The most common setup for this class of apparatus is a transmission PTO drive with an Allison Transmission. The EVS2000-style transmission is more limited, with the PTO only able to handle a pump rated at 500-gpm. The EVS3000 transmission has two versions—one that limits the pump size to 1,000-gpm and another that allows a rating up to 1,250-gpm. The EVS3000 package can provide pump and roll depending on the operational application and pump package.
Some 4×4 transfer cases have an optional rear-facing, shiftable, full-power PTO that can be used to drive a fire pump up to 1,750-gpm, depending on the engine size. On the down side, these PTOs will not supply usable pump and roll performance, are not available on all transfer case models and require special transfer case oil circulation systems and oil cooling.
Split Drive Shaft Pumps
A split drive shaft-driven pump is also possible on these bigger chassis. The pump size is limited to the engine size, but forget any pump and roll unless a small PTO-driven pump or a small engine-driven pump package is added to the apparatus. Split drive line applications don’t always work with a 4×4 chassis and a short wheelbase.
As with the smaller chassis, a direct engine-driven pump package can be used as the primary pump system, and performance depends on the weight the apparatus design will accommodate. On the bigger chassis, the engine/pump package can be larger, and 60 to 120 hp are not uncommon.
When buying a National Fire Protection Association standard1901-rated pump, the expected performance ranges and chassis drive requirements are well known and are usually more than what is needed for most fire applications. Most apparatus have plenty of engine power for pumping, and given a pressurized water source, a very big pumping capacity is available.
When using an engine-driven pump package, performance capabilities can be limited. In the end, it comes down to horsepower, hose size and length and nozzle design. An 18 to 26 hp engine will commonly support a couple of one-inch lines or one 1.75-inch line; a 31 to 34 hp engine can support up to two 1.75-inch lines; a 60 hp engine will drive a NFPA 1901-rated 250- or 300-gpm pump; and a 110 hp engine will drive a pump rated at 500-gpm.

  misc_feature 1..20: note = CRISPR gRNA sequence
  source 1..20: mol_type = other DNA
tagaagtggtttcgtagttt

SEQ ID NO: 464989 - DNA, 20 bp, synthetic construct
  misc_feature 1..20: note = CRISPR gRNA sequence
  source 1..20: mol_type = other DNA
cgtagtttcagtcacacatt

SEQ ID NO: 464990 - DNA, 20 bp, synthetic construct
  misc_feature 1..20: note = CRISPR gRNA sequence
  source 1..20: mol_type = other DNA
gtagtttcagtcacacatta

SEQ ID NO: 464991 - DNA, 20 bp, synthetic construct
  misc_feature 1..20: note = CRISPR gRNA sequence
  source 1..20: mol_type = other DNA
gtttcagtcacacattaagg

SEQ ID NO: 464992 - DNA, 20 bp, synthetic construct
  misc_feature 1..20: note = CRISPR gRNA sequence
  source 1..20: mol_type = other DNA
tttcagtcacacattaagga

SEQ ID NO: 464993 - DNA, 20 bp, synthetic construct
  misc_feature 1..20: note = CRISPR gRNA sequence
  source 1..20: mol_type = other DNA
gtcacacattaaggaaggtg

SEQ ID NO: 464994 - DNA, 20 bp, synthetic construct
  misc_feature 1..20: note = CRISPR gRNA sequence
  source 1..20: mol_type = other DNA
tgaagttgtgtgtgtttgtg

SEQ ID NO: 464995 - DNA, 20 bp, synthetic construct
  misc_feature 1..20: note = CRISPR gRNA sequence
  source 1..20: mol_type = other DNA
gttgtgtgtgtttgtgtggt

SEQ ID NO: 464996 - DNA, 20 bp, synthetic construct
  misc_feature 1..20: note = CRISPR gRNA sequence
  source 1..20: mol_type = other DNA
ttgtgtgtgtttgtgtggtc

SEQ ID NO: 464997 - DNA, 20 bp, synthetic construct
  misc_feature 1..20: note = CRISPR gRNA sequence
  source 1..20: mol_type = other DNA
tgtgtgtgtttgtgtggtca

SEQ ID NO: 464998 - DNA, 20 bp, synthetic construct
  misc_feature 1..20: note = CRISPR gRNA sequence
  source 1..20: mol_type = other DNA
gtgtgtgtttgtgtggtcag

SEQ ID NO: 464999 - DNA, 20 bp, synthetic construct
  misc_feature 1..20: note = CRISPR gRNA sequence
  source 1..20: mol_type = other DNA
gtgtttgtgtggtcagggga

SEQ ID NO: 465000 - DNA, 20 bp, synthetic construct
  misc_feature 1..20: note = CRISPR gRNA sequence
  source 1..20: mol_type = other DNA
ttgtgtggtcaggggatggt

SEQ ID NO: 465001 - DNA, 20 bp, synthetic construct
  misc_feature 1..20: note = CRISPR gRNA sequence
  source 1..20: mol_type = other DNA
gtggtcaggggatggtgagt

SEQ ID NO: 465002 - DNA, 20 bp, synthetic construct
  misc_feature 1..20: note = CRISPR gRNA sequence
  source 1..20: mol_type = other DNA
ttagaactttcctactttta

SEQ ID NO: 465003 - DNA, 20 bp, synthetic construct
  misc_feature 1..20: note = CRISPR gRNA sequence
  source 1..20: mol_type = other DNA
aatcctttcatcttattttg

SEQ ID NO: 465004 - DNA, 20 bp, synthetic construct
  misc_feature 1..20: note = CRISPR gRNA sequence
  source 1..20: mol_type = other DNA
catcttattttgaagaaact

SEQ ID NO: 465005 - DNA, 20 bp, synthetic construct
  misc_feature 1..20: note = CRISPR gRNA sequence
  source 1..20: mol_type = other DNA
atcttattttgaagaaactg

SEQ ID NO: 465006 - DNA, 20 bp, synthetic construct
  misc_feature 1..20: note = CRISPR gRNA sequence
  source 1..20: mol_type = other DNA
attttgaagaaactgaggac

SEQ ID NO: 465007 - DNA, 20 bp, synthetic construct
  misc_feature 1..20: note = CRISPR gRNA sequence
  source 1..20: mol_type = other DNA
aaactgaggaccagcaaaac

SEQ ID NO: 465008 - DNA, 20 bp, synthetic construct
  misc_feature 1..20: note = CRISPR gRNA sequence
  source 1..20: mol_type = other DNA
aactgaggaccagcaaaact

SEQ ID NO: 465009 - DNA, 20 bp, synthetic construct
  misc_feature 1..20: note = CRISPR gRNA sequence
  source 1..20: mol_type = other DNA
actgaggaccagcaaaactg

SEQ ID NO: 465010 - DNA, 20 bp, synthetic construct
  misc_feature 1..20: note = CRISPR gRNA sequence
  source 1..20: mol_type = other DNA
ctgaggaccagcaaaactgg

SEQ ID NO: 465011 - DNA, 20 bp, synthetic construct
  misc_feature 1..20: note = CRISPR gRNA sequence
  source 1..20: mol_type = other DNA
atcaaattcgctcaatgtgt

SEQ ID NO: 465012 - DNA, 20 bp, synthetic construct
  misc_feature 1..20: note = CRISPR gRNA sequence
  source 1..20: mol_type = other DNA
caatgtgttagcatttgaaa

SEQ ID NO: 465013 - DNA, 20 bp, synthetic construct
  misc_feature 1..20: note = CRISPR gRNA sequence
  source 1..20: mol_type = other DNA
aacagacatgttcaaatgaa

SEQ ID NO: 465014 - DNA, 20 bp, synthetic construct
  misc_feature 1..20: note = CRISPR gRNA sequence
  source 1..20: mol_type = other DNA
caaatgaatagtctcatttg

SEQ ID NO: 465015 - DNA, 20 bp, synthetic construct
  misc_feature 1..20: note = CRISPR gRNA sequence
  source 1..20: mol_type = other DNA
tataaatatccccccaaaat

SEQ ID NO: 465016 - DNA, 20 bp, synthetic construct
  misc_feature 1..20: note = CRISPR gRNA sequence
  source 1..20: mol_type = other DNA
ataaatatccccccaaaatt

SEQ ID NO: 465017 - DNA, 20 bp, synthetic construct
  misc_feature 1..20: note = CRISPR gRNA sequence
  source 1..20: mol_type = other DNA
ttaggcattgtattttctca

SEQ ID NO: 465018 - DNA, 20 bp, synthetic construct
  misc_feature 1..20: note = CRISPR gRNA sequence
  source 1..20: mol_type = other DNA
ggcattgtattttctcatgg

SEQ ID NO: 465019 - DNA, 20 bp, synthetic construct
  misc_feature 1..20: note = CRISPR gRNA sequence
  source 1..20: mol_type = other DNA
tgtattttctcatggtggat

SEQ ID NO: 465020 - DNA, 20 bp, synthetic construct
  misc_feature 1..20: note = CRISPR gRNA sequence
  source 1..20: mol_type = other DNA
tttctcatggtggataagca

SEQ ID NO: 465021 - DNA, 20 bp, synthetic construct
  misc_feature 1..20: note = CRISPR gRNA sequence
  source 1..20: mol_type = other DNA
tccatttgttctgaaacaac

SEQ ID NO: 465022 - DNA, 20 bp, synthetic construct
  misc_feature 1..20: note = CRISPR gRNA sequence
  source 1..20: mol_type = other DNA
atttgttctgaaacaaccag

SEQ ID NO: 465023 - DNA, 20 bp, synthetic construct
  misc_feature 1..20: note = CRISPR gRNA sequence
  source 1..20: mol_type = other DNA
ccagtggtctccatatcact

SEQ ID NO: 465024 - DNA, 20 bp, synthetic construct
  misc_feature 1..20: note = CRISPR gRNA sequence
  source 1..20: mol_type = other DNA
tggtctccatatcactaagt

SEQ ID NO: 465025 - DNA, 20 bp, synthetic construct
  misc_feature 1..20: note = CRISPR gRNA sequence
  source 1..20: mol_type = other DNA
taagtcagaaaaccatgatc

Pump and Roll
What constitutes a good pump and roll wildland attack set up? In short, there are three basic types of apparatus: walk-along rough-terrain pump and roll; in-cab, somewhat level ground pump and roll, also may have a bumper turret, and Midwest-style fast-moving prairie land fire pump and roll. Each has its own performance requirements and can be best achieved using specialized specific pumps.
Most West Coast departments, including state and federal wildland agencies, buy a separate engine-driven pump package for pump and roll. Often this is in addition to a bigger primary pump, which commonly is PTO-driven, and which itself could provide pump and roll.
Why are they buying both pumps? The engine-driven package will provide constant pressure and flow no matter how the apparatus is being driven, whereas the performance of the PTO pump changes with drive-engine speed changes. Additionally, when pump and roll operations are being deployed on a grade, engine power at low speeds can quickly run out.
For some departments, the flexibility of these apparatus and their ease of operation, compactness and lower purchase cost are key reasons to have them in their fleets.
Editor’s Note: Gary Handwerk is global pump product manager for Hale Products. He has been involved with the fire service industry for 37 years working for various fire apparatus or pump manufacturers and has been a member of the National Fire Protection Association (NFPA) Fire Apparatus Standards Committee for 17 years.